Selena Gomez Continues to Represent Hispanics Through Her Music
As Selena Gomez fans are enjoying her recent comeback from her two-year hiatus, the Texas native opened up about trying to further connect with her Hispanic audience, according to an article by Remezcla.
It can be recalled that Gomez released a Spanish-language version of "A Year Without Rain" in 2010, a time when teen pop star was still finding her element. As she looked back on her early music in general, the singer-actress admitted she cringes at the style she adopted on her way to finding her own path. She released a few more translated tracks since, and her recent Latin music project was DJ Snake's "Taki Taki" and Tainy's "I Can't Get Enough." Gomez said the public can expect more where that came from.
Fans also love to hear more of her in this genre.
"In my opinion, Selena killed 10x more when she started speaking in Spanish, " said user Mohammed Alam on the Taki Taki music video uploaded on YouTube, a comment which gained 16 thousand likes.
In an interview with Dazed, Gomez also addressed immigration-related issues such as immigrant family separations, calling it, "animalistic."
Gomez also answered some questions raised by different entities and individuals.
On representing Latinos and making music in Spanish, she said, "[I represent Latinos] one thousand [percent]. I'm always very vocal about my background, as far as me talking about immigration, and my grandparents having to come across the border illegally. I wouldn't have been born (otherwise). I have such an appreciation for my last name. I've rereleased a lot of music in Spanish as well, and that's something that's gonna happen a bit more. So, there's a lot more I would love to do because I don't take it lightly, I'm very honored."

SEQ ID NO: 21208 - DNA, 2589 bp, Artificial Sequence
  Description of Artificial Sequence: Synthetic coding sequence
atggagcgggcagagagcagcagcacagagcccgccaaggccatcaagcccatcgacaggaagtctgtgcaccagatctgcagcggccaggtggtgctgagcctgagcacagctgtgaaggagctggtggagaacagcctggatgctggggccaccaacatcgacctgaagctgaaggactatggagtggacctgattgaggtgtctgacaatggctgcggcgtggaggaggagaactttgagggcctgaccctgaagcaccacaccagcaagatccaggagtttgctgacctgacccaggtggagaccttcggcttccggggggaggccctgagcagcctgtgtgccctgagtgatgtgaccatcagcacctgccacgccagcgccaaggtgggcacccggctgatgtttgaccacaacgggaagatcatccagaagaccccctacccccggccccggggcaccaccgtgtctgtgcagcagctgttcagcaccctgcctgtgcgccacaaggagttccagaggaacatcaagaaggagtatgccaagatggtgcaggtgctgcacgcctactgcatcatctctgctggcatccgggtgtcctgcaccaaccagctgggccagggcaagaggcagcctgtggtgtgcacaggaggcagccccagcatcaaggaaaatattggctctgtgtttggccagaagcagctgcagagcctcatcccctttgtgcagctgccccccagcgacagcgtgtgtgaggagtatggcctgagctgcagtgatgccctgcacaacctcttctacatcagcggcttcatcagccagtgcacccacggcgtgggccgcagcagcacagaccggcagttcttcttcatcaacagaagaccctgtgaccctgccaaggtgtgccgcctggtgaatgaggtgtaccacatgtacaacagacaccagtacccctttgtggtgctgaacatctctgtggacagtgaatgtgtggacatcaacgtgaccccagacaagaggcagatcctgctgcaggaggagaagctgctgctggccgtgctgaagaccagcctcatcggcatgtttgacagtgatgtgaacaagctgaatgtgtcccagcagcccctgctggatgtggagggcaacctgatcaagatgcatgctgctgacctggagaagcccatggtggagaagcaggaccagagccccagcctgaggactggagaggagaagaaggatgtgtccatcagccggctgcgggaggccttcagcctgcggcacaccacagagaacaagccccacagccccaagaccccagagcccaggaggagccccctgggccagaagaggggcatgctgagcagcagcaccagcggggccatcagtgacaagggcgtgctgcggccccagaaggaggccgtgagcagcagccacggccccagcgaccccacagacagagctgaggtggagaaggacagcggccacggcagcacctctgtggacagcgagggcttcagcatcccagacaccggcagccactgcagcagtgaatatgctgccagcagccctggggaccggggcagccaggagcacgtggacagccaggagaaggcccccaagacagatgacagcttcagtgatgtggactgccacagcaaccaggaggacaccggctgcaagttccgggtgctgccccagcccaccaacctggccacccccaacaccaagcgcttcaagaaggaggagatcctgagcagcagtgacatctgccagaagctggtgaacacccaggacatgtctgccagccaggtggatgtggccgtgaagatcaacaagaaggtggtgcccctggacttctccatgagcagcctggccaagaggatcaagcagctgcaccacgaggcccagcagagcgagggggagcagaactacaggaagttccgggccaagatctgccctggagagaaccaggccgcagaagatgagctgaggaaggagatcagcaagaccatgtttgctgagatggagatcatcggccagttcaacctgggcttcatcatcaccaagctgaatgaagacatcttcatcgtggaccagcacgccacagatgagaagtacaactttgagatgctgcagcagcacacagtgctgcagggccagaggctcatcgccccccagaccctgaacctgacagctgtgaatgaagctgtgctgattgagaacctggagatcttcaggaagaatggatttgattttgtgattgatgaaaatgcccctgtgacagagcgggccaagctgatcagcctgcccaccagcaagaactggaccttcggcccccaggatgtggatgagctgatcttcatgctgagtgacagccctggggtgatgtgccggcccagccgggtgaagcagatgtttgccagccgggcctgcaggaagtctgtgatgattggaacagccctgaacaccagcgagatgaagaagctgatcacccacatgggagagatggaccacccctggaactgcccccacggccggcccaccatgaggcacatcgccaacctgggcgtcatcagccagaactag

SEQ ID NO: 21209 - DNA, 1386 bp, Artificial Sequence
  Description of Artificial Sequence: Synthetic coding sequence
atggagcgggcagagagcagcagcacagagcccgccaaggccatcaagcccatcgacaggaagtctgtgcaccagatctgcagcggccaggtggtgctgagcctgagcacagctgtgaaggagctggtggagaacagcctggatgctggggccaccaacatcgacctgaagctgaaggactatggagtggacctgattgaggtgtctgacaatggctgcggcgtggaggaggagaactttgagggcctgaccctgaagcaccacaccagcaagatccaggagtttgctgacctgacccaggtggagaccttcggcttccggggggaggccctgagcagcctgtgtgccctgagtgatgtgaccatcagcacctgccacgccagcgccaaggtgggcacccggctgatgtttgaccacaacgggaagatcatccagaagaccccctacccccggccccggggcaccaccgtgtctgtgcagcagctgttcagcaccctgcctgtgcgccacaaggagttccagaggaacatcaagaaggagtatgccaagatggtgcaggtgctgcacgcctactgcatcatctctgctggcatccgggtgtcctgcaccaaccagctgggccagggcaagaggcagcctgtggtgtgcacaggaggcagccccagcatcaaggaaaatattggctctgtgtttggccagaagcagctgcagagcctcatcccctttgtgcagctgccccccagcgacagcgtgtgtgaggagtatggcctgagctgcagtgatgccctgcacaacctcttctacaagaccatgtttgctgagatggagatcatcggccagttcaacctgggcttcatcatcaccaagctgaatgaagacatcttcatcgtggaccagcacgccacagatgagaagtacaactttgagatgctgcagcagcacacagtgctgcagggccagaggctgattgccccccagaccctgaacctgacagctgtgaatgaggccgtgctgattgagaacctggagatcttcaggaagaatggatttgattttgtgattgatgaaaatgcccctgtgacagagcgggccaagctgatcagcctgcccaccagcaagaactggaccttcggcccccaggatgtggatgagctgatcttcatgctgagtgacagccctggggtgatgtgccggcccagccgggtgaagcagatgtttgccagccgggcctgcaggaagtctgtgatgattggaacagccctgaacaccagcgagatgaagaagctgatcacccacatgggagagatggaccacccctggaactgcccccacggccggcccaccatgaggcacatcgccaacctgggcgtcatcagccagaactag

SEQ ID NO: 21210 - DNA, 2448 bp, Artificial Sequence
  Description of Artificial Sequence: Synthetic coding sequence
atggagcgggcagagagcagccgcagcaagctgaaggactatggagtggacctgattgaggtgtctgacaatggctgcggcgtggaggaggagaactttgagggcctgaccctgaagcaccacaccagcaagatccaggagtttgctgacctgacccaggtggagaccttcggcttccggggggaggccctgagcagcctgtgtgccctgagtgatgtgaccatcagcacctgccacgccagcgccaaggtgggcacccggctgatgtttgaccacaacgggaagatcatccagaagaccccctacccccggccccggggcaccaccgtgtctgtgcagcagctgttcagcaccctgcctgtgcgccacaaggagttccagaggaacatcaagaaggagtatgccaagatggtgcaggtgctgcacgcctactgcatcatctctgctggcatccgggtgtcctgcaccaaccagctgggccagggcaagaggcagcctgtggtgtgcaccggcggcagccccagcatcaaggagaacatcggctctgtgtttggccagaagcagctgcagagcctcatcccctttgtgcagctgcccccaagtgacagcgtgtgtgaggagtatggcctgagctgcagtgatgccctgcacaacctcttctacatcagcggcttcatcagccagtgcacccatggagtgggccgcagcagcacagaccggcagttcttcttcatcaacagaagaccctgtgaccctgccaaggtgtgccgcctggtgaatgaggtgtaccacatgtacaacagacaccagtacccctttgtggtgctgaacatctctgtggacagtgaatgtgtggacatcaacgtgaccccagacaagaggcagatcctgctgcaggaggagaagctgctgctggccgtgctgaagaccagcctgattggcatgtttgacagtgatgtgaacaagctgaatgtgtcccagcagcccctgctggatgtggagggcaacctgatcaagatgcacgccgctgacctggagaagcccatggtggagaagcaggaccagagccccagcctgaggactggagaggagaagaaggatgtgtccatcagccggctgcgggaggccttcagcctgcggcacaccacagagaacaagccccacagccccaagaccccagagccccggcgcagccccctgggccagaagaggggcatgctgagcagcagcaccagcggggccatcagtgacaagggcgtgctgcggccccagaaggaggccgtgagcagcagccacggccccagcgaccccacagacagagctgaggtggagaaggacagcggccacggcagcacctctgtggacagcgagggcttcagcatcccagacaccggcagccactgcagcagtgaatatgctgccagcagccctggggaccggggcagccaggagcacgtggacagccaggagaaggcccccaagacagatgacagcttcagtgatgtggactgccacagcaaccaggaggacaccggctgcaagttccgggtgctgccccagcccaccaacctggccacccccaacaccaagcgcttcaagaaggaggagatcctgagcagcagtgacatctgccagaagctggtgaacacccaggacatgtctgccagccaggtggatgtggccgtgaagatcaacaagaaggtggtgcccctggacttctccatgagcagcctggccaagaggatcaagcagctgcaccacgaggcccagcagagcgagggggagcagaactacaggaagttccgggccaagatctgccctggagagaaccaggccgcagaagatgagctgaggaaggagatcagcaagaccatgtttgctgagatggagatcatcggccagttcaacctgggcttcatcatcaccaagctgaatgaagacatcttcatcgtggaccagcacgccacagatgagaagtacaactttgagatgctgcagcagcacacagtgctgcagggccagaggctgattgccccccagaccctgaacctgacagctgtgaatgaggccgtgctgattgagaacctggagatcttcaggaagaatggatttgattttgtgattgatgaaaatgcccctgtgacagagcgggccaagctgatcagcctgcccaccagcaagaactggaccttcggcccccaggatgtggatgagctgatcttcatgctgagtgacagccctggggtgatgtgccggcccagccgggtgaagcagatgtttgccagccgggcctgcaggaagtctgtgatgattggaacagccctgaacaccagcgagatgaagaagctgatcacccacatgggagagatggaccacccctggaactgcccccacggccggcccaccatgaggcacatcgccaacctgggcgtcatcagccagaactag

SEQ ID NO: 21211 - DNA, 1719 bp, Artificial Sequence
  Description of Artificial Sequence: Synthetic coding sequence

On publicly sharing her family's experiences with immigration, Gomez noted that her "goal was to simply humanise my people, because they were being called aliens, criminals, and I can't even imagine what these kids being separated from their families are going through. It's something that is going to traumatise them for the rest of their lives. And it just seems animalistic; it is scary but I think it needs to be talked about..."
When asked what her favorite Latin song is, Gomez said it's Shakira's 'Obtener un Si.' Meanwhile, on the question of her favorite karaoke song, she admitted it's anything as long as it's by Cardi B.
When asked about her thoughts on how her family and those on Living Undocumented are "fully American," she said, "They believe in the American dream. They don't want to cause hurt: This is meant to be one of the greatest countries for that reason. And to hear them be so proud of being a part of our country is beautiful. They just want to live a healthy, safe life with their families and children. (They're) contributing huge, huge amounts."
Last year, the 27-year-old singer wrote an op-ed for Time, narrating her family's immigration story from Mexico and expressing her thoughts on the U.S. immigration crisis as a whole. The piece was written as a primer on the artist before a Netflix's documentary series Living Undocumented, which she produced, will be released.
While still waiting for Gomez to further explore the Latin music genre, fans can listen to her latest album "Rare", as she brings listeners through a journey of moving on and reclaiming independence and strength from heartbreak, anxiety and depression, through tracks whose beats make you want to dance.
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